It’s now 2pm. I’ve been sat in a tiny airport for nearly 4 hours and my nerves are feeling very frayed. The plane arrives and someone comes to the gate and says the plane is going nowhere because it’s overweight and they need at least 2 people to switch to the 5pm Edinburgh flight. Nobody wants to. One man in crutches starts getting very angry. Another man hands the attendant his phone to explain to his wife what is happening because he speaks little English. A couple are getting rowdy because they’ve missed their connecting flight and through all this a tiny little old lady speaks up and says “Well I’ll do it. It makes no difference to me where I end up. I’ll still make it home.” They arrange that a taxi will take her from the airport all the way to her house. A couple of other people then volunteer to also switch and then we are boarding. Surely this is the end of this ordeal.
We are on the flight and seats are all messed up because it’s a smaller aircraft. Crutches man starts screaming at the flight attendant because he wants to sit next to his wife but there’s a “foreigner” in the seat. Remember the man who didn’t speak English and was really quite concerned in the airport? Yup. He’s now the target of this man’s rage. Almost as if his delay is more important than the rest of us even though we’ve all been delayed the same amount of time.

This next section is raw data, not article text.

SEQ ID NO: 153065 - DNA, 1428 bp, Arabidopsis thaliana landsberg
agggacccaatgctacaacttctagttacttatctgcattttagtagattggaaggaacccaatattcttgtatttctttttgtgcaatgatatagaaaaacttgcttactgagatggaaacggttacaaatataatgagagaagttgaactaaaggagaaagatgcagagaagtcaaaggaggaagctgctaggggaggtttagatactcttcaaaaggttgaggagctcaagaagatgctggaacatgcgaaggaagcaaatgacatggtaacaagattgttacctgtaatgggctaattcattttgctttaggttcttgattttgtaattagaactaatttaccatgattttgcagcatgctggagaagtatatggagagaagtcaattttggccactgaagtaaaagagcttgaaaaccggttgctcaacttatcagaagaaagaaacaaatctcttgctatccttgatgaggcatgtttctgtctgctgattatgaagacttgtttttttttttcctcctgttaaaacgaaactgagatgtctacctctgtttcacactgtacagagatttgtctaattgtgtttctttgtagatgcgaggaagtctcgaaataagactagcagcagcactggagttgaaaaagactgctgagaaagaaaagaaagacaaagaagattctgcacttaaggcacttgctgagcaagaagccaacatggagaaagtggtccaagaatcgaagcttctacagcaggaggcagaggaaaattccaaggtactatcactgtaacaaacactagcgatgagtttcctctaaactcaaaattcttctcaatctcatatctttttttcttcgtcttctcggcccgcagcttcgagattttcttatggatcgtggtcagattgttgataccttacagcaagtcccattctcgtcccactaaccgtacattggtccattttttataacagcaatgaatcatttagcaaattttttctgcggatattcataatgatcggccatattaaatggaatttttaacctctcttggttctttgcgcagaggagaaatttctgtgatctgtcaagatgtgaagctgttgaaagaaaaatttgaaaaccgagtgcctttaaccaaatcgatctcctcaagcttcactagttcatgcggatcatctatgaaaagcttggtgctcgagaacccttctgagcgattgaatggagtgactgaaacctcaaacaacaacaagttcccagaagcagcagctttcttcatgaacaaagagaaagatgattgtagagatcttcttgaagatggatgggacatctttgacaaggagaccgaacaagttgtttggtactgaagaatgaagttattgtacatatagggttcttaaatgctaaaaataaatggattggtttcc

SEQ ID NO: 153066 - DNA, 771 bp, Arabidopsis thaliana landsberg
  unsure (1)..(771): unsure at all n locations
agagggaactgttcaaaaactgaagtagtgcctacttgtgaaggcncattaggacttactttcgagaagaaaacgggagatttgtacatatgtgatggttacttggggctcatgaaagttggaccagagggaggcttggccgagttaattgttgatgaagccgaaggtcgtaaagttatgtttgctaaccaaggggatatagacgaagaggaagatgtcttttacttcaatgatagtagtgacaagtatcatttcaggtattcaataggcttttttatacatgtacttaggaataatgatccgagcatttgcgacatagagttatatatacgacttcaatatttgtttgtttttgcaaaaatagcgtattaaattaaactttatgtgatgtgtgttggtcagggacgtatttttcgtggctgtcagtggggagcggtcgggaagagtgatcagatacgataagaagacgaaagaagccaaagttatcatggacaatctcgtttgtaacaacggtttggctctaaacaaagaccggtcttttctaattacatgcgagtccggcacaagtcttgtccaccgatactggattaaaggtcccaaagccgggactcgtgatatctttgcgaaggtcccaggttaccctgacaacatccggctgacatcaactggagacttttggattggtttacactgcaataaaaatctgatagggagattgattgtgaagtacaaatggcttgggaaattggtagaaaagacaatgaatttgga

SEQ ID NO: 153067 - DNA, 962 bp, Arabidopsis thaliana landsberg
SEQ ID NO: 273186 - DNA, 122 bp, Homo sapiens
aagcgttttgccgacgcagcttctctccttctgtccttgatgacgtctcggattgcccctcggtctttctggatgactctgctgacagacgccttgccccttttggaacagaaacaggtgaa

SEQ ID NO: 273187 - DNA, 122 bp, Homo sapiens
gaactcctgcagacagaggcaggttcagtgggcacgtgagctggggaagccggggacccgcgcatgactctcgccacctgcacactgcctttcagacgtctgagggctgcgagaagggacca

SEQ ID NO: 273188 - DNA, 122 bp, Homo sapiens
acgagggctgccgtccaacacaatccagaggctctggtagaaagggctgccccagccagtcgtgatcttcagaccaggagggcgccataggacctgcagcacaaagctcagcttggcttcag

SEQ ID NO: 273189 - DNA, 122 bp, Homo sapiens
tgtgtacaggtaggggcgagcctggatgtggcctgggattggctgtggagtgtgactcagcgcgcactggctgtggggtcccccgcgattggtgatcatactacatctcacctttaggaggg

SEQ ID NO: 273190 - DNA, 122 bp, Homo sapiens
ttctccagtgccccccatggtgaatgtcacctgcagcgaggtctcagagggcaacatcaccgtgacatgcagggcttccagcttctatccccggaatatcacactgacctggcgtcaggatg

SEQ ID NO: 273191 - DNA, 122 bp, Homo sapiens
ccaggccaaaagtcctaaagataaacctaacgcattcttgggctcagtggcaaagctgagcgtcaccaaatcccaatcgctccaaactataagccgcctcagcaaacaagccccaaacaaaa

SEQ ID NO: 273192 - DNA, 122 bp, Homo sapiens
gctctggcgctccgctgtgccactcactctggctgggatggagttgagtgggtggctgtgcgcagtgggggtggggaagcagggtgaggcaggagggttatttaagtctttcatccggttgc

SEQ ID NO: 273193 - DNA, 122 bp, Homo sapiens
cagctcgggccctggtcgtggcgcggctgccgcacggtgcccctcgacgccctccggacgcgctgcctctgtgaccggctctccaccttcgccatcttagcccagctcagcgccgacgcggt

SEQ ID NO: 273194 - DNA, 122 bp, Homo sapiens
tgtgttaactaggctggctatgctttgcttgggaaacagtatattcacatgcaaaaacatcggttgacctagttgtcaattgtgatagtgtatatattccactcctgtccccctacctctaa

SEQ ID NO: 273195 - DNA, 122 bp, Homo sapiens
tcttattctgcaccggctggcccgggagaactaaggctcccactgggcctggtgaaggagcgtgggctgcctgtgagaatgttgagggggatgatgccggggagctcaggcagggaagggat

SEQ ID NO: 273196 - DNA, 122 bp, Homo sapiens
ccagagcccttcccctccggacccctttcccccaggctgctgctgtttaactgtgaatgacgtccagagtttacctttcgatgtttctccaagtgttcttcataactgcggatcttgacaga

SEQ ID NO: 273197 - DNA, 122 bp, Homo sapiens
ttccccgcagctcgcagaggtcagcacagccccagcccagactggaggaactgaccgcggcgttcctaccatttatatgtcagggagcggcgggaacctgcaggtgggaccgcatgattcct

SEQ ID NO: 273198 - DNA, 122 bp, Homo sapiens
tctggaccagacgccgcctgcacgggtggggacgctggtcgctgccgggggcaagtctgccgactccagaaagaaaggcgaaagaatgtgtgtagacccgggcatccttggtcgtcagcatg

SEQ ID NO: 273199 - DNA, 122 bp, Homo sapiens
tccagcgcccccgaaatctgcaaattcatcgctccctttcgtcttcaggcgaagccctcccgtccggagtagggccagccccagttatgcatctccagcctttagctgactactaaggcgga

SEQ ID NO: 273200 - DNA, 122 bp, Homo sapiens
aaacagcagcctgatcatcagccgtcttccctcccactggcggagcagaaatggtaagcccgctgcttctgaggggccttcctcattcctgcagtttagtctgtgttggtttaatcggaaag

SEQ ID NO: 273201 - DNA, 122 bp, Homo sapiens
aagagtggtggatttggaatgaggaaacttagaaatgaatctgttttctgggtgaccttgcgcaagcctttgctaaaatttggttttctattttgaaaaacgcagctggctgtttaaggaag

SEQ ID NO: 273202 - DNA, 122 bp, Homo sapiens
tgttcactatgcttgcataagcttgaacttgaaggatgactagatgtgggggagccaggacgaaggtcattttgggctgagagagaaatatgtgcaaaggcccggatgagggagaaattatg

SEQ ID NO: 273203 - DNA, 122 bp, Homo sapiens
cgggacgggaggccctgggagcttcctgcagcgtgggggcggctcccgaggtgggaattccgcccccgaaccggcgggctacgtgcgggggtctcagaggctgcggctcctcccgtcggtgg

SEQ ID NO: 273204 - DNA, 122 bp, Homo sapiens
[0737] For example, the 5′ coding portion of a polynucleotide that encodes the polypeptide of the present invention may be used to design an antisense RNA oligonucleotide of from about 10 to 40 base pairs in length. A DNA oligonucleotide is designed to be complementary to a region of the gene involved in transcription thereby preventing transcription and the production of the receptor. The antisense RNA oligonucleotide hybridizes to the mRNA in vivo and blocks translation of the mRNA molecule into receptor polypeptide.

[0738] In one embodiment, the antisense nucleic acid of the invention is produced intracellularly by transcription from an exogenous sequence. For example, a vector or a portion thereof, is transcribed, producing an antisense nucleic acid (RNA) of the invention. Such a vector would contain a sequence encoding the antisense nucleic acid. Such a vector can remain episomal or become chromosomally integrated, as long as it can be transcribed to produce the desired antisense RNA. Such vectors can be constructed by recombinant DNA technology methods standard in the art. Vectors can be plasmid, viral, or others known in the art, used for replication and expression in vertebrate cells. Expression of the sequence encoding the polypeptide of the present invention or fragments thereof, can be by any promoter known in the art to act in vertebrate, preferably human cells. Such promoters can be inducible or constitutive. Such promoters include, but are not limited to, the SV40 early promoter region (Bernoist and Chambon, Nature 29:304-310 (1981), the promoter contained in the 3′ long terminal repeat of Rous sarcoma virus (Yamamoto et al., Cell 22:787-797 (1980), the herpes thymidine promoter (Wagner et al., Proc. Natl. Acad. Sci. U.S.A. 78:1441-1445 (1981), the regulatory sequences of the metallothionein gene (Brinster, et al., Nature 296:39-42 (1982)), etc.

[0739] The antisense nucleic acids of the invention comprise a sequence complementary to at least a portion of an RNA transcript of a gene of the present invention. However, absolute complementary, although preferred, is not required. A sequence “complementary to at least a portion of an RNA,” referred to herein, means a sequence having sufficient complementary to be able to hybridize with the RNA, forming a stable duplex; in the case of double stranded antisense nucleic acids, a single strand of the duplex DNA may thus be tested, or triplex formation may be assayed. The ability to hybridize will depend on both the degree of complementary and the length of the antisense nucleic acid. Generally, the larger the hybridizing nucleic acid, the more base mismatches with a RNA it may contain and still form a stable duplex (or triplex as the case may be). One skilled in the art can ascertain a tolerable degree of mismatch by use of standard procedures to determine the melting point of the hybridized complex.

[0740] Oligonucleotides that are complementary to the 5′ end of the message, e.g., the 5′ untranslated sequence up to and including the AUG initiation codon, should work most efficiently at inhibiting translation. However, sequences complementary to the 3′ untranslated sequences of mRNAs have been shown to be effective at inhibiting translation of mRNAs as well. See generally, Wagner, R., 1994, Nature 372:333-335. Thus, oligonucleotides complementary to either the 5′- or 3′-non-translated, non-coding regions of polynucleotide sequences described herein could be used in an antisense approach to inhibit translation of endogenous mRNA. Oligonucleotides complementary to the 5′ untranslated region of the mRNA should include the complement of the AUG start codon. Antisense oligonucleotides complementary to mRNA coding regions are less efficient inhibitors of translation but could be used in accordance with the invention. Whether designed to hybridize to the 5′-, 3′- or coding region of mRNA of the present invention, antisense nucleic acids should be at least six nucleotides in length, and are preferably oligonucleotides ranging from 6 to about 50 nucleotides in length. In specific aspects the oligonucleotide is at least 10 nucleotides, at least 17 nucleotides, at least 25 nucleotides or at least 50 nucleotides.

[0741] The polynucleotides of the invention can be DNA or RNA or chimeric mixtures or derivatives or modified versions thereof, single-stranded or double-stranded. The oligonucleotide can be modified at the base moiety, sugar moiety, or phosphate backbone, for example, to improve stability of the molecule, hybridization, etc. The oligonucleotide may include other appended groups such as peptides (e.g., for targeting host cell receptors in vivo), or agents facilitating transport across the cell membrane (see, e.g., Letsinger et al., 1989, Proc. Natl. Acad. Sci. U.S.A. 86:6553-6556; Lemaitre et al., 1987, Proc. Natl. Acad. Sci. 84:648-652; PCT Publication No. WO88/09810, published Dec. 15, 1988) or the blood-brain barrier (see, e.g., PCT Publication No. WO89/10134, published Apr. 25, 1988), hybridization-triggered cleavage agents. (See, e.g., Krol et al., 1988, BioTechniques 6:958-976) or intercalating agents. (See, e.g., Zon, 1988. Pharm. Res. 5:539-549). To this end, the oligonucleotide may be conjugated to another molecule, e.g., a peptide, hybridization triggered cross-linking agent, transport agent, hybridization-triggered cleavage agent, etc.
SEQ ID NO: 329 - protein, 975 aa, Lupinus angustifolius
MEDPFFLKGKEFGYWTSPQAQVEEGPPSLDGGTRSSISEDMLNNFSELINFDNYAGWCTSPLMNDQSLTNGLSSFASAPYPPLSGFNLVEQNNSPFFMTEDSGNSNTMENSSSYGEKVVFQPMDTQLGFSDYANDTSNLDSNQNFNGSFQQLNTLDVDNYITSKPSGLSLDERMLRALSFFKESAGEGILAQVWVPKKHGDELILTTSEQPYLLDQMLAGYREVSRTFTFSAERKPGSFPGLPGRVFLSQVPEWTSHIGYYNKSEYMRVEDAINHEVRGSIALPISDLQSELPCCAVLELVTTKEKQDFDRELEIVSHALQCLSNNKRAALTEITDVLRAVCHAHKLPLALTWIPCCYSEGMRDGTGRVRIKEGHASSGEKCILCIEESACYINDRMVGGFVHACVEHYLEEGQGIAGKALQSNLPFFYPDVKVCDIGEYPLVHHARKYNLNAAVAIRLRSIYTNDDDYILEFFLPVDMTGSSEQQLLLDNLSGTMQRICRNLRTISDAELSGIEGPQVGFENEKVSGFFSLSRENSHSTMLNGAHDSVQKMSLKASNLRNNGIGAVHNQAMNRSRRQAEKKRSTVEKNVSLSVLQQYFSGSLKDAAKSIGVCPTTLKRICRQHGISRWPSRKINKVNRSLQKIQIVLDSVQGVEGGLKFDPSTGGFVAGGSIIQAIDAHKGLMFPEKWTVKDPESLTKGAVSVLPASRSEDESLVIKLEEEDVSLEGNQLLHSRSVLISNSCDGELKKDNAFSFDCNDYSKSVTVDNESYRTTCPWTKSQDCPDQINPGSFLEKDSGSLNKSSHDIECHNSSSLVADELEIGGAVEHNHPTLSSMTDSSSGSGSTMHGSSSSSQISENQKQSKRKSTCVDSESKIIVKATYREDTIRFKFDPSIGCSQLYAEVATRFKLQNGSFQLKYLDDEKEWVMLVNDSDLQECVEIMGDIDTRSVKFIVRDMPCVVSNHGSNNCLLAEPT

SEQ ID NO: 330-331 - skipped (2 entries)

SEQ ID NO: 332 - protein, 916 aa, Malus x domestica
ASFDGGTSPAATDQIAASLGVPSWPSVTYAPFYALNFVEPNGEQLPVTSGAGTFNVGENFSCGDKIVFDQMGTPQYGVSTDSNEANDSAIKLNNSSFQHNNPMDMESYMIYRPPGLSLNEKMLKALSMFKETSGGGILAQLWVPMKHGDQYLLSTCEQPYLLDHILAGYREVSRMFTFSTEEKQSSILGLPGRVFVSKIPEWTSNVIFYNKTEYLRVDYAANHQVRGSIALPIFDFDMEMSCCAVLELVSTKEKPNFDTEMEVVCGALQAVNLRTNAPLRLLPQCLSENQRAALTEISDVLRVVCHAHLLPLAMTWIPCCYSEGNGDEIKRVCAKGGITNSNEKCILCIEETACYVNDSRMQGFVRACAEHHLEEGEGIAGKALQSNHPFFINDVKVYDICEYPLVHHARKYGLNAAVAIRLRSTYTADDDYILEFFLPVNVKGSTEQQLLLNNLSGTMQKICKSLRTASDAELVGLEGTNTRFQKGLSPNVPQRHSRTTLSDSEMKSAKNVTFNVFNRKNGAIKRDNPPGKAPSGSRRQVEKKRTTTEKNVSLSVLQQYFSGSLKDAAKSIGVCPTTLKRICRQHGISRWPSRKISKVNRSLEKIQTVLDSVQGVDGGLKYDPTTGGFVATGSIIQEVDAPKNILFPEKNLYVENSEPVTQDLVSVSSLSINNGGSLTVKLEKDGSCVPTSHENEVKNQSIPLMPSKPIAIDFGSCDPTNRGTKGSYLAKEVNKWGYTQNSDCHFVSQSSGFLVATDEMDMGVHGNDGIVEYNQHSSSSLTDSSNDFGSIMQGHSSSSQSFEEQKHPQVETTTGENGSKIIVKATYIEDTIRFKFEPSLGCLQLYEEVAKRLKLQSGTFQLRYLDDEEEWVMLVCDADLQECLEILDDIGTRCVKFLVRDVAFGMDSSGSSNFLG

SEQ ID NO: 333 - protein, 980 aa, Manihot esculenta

We get in the air and I think well that’s that. Until the time we should be landing and I notice the plane is descending then ascending in a circle. For the next 40 or so minutes it does this. We’ve got to wait for a landing slot. But “Don’t worry,” jokes the captain, “We shouldn’t run out of fuel. I hope!” There’s that word again that fills me with dread even when I know it’s a joke.
Eventually I land at 3.45pm, nearly 2 hours later than scheduled. And I was just contemplating the day. Everything that could have gone wrong did go wrong. And I didn’t have an anxiety attack. I didn’t even feel like one was coming on. I was stressed but that’s hopefully an understandable reaction to a day like today. I had mild anxiety when things were going wrong but I dealt with it.
Today anxiety lost. Today I feel myself starting to creep back up the scoreboard.